U.S. stocks rallied on Monday on some favorable corporate news and expectations that Federal Reserve policy-setters will again take interest rates down sharply at their meeting on Tuesday.
If the Fed cuts interest rates on Tuesday as expected, it would represent the tenth time this year its Federal Open Market Committee members have eased borrowing costs to stimulate the ecomomy. Standard & Poor's economic research unit MMS said it expects a substantial half percentage point reduction at the conclusion of the Nov. 6 FOMC meeting.
Lower borrowing costs can encourage businesses as well as consumers to increase spending.
The tech sector posted particularly strong gains with the Nasdaq up nearly 3%. Investors were hoping that Cisco Systems Inc. (CSCO), the world's largest maker of networking equipment, would announce in its first quarter earnings updatethat it sees sales improving in the future.
After the close of trading Monday, Cisco announced pro forma earnings per share of $0.04 (excluding various charges), which came in ahead of the Wall Street consensus estimate of $0.02. Revenue topped analysts' expectations at $4.2 billion. Investors hoped to find out more about the company's prospects in a conference call later on Monday.
Among other stocks in the news Monday, troubled energy merchant Enron Corp. (ENE) could be the target of a takeover bid by Royal Dutch/Shell Group, according to press reports.
Utility company PG&E Corp. (PCG) advanced after saying its third-quarter net income more than tripled.
Medical equipment maker Baxter International (BAX), however, was falling after saying that it stopped making two models of blood filters because they may have contributed to the deaths of two kidney patients in Europe.
Yet another grim piece of economic news was released Monday. A key barometer of business activity in services and other sectors declined sharply in October after the terrorist attacks on New York and Washington. The National Association of Purchasing Managers' non-manufacturing index fell to 40.6 in Oct from 50.2 in September. Any number below 50 represents a contraction. The index was well below its six-month average of 47.3 with weakness widespread, particularly in the communication, wholesale trade, agriculture, transportation and construction sectors.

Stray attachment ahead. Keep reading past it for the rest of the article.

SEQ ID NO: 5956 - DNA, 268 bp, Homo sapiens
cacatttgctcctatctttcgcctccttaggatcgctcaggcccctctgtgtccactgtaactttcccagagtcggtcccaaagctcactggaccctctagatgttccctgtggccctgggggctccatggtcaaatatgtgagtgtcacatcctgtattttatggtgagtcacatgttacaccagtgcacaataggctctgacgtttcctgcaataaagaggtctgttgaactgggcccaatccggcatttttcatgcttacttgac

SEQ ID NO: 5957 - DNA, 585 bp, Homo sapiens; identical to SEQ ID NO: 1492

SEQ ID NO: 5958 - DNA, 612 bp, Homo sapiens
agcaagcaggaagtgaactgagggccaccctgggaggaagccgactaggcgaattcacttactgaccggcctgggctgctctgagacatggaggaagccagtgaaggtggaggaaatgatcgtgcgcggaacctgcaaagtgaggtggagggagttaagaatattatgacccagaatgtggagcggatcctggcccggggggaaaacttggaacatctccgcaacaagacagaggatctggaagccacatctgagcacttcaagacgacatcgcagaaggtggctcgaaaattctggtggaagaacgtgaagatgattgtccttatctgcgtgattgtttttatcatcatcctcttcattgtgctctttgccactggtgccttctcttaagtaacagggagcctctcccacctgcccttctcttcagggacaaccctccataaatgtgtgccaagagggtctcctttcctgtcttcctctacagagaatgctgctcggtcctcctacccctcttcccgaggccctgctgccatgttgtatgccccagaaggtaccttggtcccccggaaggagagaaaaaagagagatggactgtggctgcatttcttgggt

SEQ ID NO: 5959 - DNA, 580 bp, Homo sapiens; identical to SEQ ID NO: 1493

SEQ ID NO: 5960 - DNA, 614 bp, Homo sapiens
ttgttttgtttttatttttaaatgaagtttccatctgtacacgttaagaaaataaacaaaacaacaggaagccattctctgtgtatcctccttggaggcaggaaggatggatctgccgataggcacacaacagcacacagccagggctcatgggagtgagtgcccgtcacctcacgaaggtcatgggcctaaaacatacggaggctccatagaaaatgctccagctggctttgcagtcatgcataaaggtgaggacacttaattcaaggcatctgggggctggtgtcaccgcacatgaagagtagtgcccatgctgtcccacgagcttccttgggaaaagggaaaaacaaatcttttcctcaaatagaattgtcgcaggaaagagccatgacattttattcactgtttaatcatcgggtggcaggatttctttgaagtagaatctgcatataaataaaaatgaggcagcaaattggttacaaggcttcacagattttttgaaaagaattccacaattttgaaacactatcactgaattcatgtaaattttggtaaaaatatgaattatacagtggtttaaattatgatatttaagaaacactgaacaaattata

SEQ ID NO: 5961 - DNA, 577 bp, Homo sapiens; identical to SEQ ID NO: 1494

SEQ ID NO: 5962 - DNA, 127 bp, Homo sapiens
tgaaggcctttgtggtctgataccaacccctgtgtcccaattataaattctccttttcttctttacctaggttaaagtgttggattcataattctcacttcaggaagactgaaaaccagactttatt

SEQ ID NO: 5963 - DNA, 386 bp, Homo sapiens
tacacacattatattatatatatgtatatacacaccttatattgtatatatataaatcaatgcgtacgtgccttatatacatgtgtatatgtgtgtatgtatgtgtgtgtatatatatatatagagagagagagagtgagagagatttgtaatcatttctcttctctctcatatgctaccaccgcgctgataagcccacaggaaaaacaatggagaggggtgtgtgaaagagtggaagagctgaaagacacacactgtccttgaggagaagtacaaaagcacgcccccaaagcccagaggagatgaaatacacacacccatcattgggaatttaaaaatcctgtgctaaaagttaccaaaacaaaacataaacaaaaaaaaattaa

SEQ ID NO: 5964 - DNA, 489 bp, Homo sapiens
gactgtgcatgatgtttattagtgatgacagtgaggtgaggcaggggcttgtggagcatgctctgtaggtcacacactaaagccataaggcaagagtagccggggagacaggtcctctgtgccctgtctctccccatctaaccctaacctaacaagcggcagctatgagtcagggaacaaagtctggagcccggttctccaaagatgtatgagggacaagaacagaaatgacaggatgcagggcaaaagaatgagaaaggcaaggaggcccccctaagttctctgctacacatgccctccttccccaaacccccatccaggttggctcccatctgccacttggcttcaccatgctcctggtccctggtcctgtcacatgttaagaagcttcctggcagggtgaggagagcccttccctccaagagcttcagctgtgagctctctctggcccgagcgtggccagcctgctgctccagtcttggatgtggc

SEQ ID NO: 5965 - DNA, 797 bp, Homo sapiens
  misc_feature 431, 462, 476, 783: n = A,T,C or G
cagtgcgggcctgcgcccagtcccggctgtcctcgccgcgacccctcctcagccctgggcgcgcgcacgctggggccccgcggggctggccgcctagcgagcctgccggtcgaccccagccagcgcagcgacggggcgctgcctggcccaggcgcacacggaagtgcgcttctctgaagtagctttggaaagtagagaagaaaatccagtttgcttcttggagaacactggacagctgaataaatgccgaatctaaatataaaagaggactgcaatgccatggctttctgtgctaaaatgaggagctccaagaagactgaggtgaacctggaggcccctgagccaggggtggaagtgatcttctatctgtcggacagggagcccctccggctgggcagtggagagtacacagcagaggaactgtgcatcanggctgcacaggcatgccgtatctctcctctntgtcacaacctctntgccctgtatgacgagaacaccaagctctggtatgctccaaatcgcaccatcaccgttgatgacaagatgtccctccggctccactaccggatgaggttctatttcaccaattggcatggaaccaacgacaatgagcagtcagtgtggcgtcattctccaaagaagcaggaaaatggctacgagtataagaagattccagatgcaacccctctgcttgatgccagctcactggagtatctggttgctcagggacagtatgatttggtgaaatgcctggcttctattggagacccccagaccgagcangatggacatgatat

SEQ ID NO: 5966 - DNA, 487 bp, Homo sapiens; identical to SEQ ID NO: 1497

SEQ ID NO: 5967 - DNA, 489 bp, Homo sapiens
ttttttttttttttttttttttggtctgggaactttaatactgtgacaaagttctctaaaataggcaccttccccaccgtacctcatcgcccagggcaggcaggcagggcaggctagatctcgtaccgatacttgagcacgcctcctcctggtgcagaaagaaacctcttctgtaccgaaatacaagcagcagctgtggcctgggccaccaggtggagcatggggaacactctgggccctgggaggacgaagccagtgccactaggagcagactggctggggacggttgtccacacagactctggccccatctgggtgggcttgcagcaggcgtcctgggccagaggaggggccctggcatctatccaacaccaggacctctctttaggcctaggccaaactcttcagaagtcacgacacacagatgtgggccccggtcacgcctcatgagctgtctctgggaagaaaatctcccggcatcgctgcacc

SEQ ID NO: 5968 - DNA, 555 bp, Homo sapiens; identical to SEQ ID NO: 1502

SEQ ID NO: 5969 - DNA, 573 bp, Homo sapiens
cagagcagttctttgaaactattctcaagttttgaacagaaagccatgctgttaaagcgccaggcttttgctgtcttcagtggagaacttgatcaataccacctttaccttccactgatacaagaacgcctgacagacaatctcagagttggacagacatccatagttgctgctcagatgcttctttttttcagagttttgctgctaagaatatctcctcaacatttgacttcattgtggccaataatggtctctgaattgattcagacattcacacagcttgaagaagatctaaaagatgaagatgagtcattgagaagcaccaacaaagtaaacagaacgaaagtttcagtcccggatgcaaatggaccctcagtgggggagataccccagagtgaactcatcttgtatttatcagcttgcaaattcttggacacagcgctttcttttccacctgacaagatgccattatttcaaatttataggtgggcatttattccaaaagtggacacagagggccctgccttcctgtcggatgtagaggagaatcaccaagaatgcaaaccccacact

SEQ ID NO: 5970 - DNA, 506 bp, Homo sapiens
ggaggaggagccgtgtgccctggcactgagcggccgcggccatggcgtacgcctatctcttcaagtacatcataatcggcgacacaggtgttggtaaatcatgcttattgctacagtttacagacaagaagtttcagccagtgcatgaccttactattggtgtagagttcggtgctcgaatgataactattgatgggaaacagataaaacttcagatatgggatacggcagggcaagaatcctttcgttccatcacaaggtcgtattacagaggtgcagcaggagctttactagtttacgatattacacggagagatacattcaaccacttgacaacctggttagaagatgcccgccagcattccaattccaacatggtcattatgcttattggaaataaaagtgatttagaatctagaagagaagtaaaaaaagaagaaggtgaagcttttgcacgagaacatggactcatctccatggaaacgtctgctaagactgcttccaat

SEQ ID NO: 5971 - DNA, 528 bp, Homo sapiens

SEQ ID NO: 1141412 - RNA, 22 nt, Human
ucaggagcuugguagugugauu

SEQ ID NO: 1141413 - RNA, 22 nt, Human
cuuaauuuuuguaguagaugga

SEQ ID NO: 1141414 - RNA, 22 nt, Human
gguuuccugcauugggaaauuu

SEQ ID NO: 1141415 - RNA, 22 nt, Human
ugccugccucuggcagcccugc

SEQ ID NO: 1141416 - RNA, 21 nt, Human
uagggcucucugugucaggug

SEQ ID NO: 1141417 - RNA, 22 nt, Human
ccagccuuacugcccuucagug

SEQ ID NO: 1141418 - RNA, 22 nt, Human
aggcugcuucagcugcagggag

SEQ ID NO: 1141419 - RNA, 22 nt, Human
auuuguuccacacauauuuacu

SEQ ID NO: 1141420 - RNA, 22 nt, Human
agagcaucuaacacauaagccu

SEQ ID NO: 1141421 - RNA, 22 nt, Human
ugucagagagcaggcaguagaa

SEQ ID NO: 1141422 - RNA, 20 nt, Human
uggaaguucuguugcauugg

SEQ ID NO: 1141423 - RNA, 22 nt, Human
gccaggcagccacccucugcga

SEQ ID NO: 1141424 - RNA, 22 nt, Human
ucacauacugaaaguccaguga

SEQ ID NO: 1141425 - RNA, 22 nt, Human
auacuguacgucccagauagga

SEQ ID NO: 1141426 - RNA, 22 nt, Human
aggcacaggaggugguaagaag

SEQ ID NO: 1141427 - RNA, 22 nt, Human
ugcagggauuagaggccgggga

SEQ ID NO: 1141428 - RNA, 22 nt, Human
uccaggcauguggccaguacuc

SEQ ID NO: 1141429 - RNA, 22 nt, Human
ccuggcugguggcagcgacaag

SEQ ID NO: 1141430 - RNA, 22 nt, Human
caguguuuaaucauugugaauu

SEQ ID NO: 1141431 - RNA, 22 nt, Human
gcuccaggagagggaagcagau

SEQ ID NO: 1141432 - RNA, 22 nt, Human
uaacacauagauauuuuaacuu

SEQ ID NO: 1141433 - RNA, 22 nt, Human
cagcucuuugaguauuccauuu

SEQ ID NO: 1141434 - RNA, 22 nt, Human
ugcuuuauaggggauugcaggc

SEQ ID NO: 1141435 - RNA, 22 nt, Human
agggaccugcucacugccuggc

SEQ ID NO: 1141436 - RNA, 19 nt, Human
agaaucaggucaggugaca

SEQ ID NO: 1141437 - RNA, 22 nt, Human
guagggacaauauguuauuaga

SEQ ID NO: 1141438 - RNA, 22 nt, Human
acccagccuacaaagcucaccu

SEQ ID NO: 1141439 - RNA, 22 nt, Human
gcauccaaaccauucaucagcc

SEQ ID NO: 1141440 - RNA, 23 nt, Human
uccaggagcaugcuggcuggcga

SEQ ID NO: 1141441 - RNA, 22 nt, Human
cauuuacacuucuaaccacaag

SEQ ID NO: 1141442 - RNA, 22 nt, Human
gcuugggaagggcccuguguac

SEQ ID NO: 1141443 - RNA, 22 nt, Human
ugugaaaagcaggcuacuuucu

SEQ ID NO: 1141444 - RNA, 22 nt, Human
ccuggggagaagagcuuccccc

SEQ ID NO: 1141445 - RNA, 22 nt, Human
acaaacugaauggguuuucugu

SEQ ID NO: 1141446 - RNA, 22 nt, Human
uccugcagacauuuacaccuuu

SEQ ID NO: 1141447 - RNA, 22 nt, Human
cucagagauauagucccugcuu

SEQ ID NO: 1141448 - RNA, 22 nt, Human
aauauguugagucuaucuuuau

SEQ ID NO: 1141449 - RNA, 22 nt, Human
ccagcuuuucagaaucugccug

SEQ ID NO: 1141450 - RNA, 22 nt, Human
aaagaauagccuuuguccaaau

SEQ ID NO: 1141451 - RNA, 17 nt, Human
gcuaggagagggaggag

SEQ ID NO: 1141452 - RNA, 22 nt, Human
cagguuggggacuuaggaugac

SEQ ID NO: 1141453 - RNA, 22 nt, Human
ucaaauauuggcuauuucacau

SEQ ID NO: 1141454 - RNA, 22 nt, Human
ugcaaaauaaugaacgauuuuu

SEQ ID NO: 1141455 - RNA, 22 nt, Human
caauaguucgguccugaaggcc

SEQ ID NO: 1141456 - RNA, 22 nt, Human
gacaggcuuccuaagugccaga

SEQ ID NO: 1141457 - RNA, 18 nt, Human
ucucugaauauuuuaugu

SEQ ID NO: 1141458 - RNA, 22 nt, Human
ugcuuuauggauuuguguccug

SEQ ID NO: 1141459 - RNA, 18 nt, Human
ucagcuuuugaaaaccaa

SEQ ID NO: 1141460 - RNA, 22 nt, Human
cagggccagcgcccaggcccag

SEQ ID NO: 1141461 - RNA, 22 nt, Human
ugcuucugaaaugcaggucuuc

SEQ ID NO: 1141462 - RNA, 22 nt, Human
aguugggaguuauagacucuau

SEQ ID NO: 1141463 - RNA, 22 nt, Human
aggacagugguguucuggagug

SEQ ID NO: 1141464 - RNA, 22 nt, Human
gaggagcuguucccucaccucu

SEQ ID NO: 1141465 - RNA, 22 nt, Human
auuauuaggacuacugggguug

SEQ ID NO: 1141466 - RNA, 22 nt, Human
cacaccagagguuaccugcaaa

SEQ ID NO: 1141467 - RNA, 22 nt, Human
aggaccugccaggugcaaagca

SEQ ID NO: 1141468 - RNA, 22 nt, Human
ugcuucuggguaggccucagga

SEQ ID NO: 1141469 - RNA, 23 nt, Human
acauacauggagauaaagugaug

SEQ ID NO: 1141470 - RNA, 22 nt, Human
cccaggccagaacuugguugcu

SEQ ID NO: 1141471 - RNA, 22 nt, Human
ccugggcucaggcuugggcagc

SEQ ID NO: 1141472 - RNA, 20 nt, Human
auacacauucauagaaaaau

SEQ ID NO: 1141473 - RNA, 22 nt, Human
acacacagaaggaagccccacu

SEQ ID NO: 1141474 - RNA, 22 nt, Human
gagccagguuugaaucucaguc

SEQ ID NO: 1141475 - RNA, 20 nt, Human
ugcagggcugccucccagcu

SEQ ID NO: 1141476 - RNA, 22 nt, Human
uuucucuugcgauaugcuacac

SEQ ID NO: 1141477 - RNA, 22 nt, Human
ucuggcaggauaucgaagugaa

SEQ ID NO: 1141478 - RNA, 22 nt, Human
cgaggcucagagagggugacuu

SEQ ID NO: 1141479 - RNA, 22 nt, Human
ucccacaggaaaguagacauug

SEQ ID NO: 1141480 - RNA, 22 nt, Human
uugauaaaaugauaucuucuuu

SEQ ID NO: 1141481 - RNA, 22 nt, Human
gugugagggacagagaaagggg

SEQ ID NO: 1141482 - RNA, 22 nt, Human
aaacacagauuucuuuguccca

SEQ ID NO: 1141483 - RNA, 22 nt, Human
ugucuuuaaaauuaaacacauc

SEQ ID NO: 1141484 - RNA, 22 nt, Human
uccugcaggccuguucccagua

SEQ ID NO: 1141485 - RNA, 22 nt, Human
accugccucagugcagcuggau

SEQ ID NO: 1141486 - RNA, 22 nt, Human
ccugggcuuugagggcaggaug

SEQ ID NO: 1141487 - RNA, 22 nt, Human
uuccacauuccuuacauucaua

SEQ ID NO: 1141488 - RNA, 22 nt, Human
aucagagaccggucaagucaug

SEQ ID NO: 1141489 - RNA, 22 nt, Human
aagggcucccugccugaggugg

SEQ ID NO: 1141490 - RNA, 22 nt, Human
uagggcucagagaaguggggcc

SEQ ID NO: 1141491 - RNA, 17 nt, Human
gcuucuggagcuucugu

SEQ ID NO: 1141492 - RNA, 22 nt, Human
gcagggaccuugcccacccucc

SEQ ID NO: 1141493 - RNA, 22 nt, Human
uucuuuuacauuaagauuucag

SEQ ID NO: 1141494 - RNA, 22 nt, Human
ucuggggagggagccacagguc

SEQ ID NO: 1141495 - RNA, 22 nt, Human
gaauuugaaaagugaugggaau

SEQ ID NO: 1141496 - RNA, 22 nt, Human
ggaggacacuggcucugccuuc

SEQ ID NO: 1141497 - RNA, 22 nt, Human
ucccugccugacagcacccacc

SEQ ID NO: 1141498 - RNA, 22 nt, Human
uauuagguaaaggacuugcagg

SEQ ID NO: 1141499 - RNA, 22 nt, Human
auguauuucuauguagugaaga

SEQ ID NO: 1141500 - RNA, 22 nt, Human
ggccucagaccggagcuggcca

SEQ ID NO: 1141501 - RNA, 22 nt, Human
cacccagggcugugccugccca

Standard & Poor's MMS said the data bolstered the case for a half percentage point cut in interest rates by the Fed rather than a more mild quarter of a percentage point reduction.
The Dow Jones industrial average ended higher by 117.49 points, or 1.26%, to 9,441.03. The tech-heavy Nasdaq composite index strengthened by 47.92 points, or 2.74%, to 1,793.65. The broader S&P 500 index gained 15.64 points, or 1.44%, to 1,102.84.
Treasuries were higher despite strength in stocks. The bond market was lifted in expectations the Fed will again cut rates sharply on Tuesday. The 30-year bond was outperforming in the wake of another spate of gloomy economic data after last week's severe correction.
European stocks closed higher. In London, the FTSE 100 index gained 79.60 points, or 1.55%, to 5,209.10 despite reports that UK Industrial Production fell 1.2% in September. Inflation, however, remained under control.
The Paris CAC 40 index advanced 115.94 points, or 2.65%, to 4,485.34.
In Germany, the DAX index gained 171.80 points, or 3.75%, to 4,755.11 as the U.S. opened higher. Also, many traders are hopeful that the European Central Bank will cut interest rates this week amid published reports German unemployment is likely to increase 20,000 in October.
Major Asian markets closed higher. Japan's Nikkei added 63.76 points or 0.61%, to 10,447.54. Gains were limited, though, by weakness in NTT DoCoMo, off 4.2% on reports that the company will take a 300 billion yen charge in for a valuation loss on its 15% stake in Dutch mobile phone operator KPN Mobile NV.
In Hong Kong, the Hang Seng index jumped 244.66 points, or 2.40%, to 10,430.72.